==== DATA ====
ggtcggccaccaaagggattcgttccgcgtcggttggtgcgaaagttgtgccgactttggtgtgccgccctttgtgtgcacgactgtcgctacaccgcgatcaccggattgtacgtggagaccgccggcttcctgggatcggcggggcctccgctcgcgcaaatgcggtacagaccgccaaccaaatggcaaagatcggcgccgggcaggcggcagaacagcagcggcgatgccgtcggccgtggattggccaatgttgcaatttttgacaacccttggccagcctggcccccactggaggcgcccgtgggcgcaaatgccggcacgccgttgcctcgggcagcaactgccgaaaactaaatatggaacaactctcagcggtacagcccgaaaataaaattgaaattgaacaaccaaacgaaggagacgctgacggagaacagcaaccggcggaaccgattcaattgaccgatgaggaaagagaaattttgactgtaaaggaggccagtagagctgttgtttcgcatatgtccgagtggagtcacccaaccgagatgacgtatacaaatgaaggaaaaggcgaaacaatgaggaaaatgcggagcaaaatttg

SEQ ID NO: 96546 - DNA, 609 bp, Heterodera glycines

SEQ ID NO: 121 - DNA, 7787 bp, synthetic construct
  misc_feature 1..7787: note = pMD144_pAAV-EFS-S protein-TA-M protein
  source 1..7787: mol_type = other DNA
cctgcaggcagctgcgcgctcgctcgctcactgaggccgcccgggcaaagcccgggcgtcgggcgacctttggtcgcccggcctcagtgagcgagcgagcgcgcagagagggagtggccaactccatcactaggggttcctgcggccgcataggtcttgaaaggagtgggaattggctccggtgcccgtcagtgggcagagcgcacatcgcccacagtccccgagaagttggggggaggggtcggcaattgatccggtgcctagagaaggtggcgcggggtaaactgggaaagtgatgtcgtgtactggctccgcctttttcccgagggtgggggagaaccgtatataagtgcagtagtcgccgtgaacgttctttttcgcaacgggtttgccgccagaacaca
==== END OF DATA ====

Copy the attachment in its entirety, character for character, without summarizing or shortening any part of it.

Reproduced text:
ggtcggccaccaaagggattcgttccgcgtcggttggtgcgaaagttgtgccgactttggtgtgccgccctttgtgtgcacgactgtcgctacaccgcgatcaccggattgtacgtggagaccgccggcttcctgggatcggcggggcctccgctcgcgcaaatgcggtacagaccgccaaccaaatggcaaagatcggcgccgggcaggcggcagaacagcagcggcgatgccgtcggccgtggattggccaatgttgcaatttttgacaacccttggccagcctggcccccactggaggcgcccgtgggcgcaaatgccggcacgccgttgcctcgggcagcaactgccgaaaactaaatatggaacaactctcagcggtacagcccgaaaataaaattgaaattgaacaaccaaacgaaggagacgctgacggagaacagcaaccggcggaaccgattcaattgaccgatgaggaaagagaaattttgactgtaaaggaggccagtagagctgttgtttcgcatatgtccgagtggagtcacccaaccgagatgacgtatacaaatgaaggaaaaggcgaaacaatgaggaaaatgcggagcaaaatttg

SEQ ID NO: 96546 - DNA, 609 bp, Heterodera glycines

SEQ ID NO: 121 - DNA, 7787 bp, synthetic construct
  misc_feature 1..7787: note = pMD144_pAAV-EFS-S protein-TA-M protein
  source 1..7787: mol_type = other DNA
cctgcaggcagctgcgcgctcgctcgctcactgaggccgcccgggcaaagcccgggcgtcgggcgacctttggtcgcccggcctcagtgagcgagcgagcgcgcagagagggagtggccaactccatcactaggggttcctgcggccgcataggtcttgaaaggagtgggaattggctccggtgcccgtcagtgggcagagcgcacatcgcccacagtccccgagaagttggggggaggggtcggcaattgatccggtgcctagagaaggtggcgcggggtaaactgggaaagtgatgtcgtgtactggctccgcctttttcccgagggtgggggagaaccgtatataagtgcagtagtcgccgtgaacgttctttttcgcaacgggtttgccgccagaacaca